Local Govt | National News Video | Parliament Headlines | Politics Headlines | Search


New enforcement system results for dog control


13 October 2005
New enforcement system leads to positive results for dog control

A new enforcement system for animal control introduced by Auckland City after the attack on Carolina Anderson in 2003 has led to significant improvements in dog control.

The system, in effect since 1 September 2004, has led to a decrease in aggression incidents, greater numbers of dog owners registering their dogs and increased levels of responsible dog ownership and regulation compliance.

In the year from 1 July 2004 to 30 June 2005, dog aggression-related incidents in the city have decreased by 10 per cent. There were 62 fewer incidents than the previous year and 465 less than in the 2002 to 2003 year.

Councillor Glenda Fryer, chairperson of the Planning and Regulatory Committee, says the results are a pleasing reflection of the council's efforts to encourage responsibility amongst dog owners.

"Over the past year Auckland City has worked proactively in the area of dog control, with significant efforts made in the areas of education and enforcement of regulations," says Ms. Fryer. "We're really pleased with this result and hope to see a further reduction in aggression incidents as education of dog owners and the general public continues."

Auckland City's Planning and Regulatory Committee recommended at their meeting today that council officers investigate options, such as the use of handheld units, to enable dog control officers to work more efficiently and build on the improvements already made.

Measures introduced under the new enforcement system include:

- targeting problem dogs and owners to lower the probability of the dogs threatening public safety

- an increase in animal control services to provide 24-hour, seven-day a week coverage on the isthmus (previously the services were five days a week)

- a new warning system, giving animal control officers the power to warn rather than infringe first time offenders of less serious offences such as failure to remove dog faeces or failure to advise change of address

- more responsible dog owner licensing classes. Sixty-eight classes were held and 577 licenses issued in the year to 30 June 2005, compared with 11 classes and 97 licenses in the previous year. Dog owners who participate in these courses and gain a dog owner license pay reduced registration fees.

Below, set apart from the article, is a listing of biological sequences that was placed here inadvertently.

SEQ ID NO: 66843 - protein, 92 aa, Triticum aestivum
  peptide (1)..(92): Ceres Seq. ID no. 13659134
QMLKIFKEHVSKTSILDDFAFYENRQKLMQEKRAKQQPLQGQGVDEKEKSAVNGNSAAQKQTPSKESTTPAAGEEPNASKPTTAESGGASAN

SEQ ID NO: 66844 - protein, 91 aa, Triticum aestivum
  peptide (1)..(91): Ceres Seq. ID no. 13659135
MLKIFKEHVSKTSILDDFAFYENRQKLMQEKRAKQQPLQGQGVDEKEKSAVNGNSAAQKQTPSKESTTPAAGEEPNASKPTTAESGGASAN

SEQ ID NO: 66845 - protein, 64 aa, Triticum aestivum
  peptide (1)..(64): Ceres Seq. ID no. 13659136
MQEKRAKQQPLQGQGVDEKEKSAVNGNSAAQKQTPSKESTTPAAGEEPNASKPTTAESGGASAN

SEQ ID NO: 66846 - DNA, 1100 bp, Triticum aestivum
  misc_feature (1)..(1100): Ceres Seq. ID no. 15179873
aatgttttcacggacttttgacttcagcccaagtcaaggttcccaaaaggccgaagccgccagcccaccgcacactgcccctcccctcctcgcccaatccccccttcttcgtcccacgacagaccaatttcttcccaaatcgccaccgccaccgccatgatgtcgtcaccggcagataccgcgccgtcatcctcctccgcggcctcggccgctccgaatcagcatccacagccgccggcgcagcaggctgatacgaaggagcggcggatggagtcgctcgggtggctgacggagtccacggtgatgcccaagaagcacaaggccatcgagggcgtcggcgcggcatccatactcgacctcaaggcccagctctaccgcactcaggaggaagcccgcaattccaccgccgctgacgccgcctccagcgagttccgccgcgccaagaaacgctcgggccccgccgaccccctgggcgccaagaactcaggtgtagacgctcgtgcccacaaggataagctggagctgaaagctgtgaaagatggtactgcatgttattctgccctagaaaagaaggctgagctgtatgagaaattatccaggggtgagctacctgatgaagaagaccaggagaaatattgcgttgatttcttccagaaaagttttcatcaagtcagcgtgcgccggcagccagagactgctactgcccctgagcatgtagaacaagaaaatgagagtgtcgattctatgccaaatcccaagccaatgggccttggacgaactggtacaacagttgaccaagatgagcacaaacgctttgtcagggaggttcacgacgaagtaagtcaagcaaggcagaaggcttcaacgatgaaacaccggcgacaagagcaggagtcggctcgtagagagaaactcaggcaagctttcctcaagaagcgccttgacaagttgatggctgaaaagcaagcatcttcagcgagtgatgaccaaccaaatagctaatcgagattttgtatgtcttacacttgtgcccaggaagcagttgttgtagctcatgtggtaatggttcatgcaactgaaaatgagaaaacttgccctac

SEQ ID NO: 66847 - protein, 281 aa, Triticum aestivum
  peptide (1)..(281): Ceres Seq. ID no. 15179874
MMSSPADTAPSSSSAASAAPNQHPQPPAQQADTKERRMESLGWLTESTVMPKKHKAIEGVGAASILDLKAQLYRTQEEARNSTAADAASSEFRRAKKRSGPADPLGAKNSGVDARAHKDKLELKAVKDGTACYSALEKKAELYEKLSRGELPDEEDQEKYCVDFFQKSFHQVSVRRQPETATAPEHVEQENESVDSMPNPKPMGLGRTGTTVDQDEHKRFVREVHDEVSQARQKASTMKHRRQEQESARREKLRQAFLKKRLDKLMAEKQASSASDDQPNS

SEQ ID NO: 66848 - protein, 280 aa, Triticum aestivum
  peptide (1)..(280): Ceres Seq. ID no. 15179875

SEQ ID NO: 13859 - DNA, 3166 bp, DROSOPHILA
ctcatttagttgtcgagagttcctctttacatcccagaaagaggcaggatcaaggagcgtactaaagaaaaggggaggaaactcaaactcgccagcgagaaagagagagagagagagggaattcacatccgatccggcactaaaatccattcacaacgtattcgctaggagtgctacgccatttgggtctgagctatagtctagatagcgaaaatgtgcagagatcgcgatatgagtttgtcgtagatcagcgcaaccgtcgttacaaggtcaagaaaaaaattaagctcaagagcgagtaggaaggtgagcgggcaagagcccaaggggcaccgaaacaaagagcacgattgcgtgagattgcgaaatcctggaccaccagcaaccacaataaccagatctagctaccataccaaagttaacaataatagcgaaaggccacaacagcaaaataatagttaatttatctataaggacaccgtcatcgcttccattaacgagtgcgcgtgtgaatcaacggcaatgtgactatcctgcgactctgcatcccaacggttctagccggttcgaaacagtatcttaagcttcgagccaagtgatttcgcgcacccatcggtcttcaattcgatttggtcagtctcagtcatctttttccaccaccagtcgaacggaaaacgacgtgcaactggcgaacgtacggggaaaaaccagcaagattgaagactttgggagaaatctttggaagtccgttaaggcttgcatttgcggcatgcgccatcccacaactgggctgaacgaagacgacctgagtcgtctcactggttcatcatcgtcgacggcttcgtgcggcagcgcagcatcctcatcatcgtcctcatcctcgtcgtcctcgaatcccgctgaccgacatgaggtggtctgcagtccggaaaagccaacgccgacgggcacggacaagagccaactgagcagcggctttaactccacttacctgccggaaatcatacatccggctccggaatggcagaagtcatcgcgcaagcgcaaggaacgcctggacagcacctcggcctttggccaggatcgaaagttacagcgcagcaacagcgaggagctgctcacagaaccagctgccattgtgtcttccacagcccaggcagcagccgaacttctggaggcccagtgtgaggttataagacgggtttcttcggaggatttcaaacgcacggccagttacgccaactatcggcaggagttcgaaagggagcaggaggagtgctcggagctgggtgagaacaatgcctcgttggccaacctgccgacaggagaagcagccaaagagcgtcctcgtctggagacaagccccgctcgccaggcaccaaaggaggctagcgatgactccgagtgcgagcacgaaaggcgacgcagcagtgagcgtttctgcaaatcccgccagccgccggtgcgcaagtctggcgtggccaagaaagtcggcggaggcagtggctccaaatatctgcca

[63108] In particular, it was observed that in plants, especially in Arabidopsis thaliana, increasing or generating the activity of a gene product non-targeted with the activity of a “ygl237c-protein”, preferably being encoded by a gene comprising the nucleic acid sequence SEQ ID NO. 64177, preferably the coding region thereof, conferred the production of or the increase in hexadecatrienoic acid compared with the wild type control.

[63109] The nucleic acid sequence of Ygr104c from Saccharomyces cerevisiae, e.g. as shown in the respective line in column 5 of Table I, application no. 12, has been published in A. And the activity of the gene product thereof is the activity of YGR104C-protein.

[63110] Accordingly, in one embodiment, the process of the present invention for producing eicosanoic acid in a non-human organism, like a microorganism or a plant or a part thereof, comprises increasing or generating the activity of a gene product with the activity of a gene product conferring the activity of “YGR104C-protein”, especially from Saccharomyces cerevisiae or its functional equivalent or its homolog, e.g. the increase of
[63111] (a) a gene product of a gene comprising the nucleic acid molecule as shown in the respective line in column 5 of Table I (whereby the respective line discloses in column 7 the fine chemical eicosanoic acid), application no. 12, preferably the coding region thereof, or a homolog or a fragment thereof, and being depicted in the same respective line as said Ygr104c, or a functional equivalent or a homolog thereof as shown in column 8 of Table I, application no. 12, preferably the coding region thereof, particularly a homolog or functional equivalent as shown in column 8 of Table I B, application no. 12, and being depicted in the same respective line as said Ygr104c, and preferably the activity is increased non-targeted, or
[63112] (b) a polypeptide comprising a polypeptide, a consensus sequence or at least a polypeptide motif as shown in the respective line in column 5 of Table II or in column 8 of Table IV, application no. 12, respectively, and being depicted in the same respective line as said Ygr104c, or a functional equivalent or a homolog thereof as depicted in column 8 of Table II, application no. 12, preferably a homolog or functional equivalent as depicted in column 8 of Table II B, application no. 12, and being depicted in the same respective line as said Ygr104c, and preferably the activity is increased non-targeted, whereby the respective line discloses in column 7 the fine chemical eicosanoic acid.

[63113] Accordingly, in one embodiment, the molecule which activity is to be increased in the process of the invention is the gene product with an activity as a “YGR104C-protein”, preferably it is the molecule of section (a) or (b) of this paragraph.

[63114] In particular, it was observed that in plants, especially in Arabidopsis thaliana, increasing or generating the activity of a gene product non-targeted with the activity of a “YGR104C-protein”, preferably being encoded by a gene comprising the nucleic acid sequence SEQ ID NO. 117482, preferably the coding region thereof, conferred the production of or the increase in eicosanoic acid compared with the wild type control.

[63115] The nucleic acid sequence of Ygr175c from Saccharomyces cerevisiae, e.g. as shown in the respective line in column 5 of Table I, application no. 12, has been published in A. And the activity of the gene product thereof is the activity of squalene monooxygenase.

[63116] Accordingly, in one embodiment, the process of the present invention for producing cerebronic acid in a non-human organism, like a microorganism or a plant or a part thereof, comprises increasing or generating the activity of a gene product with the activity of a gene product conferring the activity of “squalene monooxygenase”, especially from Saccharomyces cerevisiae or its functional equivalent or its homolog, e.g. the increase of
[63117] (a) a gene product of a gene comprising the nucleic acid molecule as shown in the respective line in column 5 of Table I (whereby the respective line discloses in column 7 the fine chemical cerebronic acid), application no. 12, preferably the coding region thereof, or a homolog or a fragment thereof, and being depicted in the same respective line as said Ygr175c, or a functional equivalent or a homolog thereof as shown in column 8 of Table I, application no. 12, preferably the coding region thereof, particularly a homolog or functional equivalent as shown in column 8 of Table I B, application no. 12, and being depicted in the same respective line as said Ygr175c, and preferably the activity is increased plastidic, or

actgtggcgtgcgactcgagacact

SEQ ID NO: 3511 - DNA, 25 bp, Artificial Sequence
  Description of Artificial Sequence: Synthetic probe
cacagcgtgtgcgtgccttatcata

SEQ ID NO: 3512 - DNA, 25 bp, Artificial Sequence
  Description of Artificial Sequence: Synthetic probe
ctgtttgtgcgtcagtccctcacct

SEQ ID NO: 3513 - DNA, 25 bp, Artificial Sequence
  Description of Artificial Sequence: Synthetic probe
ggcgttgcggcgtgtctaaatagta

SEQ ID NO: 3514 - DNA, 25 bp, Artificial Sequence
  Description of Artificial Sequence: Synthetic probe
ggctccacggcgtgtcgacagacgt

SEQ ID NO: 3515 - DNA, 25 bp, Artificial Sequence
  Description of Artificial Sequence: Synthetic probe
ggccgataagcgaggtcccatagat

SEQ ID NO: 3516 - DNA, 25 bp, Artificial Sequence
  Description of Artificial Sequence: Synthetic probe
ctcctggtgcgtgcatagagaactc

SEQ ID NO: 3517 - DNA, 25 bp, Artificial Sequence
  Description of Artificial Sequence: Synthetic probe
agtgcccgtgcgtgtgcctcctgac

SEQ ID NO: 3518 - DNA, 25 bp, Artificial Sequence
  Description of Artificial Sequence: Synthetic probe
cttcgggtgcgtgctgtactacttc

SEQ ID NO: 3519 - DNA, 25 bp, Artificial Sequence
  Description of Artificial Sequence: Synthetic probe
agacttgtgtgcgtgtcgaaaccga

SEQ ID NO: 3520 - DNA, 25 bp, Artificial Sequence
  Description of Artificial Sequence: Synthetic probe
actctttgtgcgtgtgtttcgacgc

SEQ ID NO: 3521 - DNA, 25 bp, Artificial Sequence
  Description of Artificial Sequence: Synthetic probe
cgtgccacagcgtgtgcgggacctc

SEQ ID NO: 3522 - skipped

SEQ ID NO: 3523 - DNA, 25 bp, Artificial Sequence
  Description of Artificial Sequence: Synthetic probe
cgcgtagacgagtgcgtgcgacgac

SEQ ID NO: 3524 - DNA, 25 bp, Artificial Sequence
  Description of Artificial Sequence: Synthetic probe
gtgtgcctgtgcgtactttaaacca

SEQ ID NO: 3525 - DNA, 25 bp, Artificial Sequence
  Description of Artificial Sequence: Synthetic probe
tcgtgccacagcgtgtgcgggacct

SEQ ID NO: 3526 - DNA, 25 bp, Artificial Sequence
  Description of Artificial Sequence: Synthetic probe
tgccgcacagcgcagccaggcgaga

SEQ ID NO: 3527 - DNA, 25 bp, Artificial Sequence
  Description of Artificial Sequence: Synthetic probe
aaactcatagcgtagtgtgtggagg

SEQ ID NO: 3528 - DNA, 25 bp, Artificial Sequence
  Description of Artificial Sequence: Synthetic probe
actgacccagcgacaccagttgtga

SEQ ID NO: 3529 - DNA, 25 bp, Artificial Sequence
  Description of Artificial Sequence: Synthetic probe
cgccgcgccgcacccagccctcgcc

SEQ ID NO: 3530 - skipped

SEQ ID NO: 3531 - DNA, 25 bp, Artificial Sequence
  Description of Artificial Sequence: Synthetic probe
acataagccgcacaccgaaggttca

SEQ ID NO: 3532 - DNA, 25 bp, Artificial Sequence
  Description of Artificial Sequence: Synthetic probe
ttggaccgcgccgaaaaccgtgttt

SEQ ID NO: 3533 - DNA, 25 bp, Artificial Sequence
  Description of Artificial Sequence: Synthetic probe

- an increased focus on education. In 2004 to 2005, animal control officers visited 143 schools and spoke to 3575 pupils about taking care around dogs. This figure combined with the number of people who have been through displays on dog safety in shopping malls and at shows means Auckland City has reached more than 22,000 people.

Auckland City has also focused on reducing the number of unregistered dogs in the city over the past year, having identified a possible link between unregistered dogs and offences.

Animal control officers carried out 2338 registration checks over the past year and issued 1203 infringements for non-registration.

"Dog owners must recognise that if they do not take care to keep their dogs under control at all times and follow the regulations, there will be consequences," Ms Fryer said.

The number of dogs registered on time has also increased, with 96 per cent of all known dogs registered by 30 June 2005. By 30 August 2004, only 82 per cent of all known dogs were registered.

For more information on responsible dog ownership, visit www.aucklandcity.govt.nz/dogs or call Auckland City on (09) 379 2020.


© Scoop Media

Parliament Headlines | Politics Headlines | Regional Headlines

PM's Press Conference: Pike Re-Entry Agency

At today's post-cabinet press conference Prime Minister Jacinda Ardern was joined by Minister Responsible for Pike River Re-entry Andrew Little to announce plans for the new agency for re-entry of the mine.

The Pike River Recovery Agency, Te Kahui Whakamana Rua Tekau ma Iwa, will be officially established on 31 January 2018 and will work with the Pike River families with the intention of manned entry of the drift before March 2019. More>>


Foreign Affairs: Patrick Gower Interviews Jacinda Ardern

Prime Minister Jacinda Ardern says discussions have already begun on how to bring climate change refugees into New Zealand under a Pacific seasonal employment plan... More>>


Gordon Campbell: On The Centre Right’s Love Of ‘Nanny State’

You’d almost think it was 2005 again. That was a time when the rugged individualists of the centre-right were being beset by government regulations on the nature of light-bulbs, the size of shower heads, the junk food available at school tuck shops and other such essentials... More>>

Speaking Of Transport: Public Engagement On Wellington Scenarios

“Our work on possible solutions for Wellington’s transport future is ongoing, but has progressed to the stage where we’re ready to share our ideas with the public and seek their feedback to help guide our next steps...” More>>


Parental Leave: National's Time-Sharing Change Fails

National has proposed a change to the Parental Leave and Employment Protection Amendment Bill that would allow both parents to take paid parental leave at the same time, if that is what suits them best. More>>


Train Free Thursday: Workers Strike To Defend Terms Of Employment

"They signed up to these conditions a year ago when they got the contract for Wellington's rail services. Now they're trying to increase profits by squeezing frontline workers." More>>


Seclusion: Ombudsman Emphasises Importance Of Monitoring

Disability Rights Commissioner Paula Tesoriero says that while there have been changes to the Education (Update) Amendment Act 2017 to prohibit the use of seclusion, the report is an important reminder of the importance of regular monitoring of schools. More>>





Featured InfoPages

Opening the Election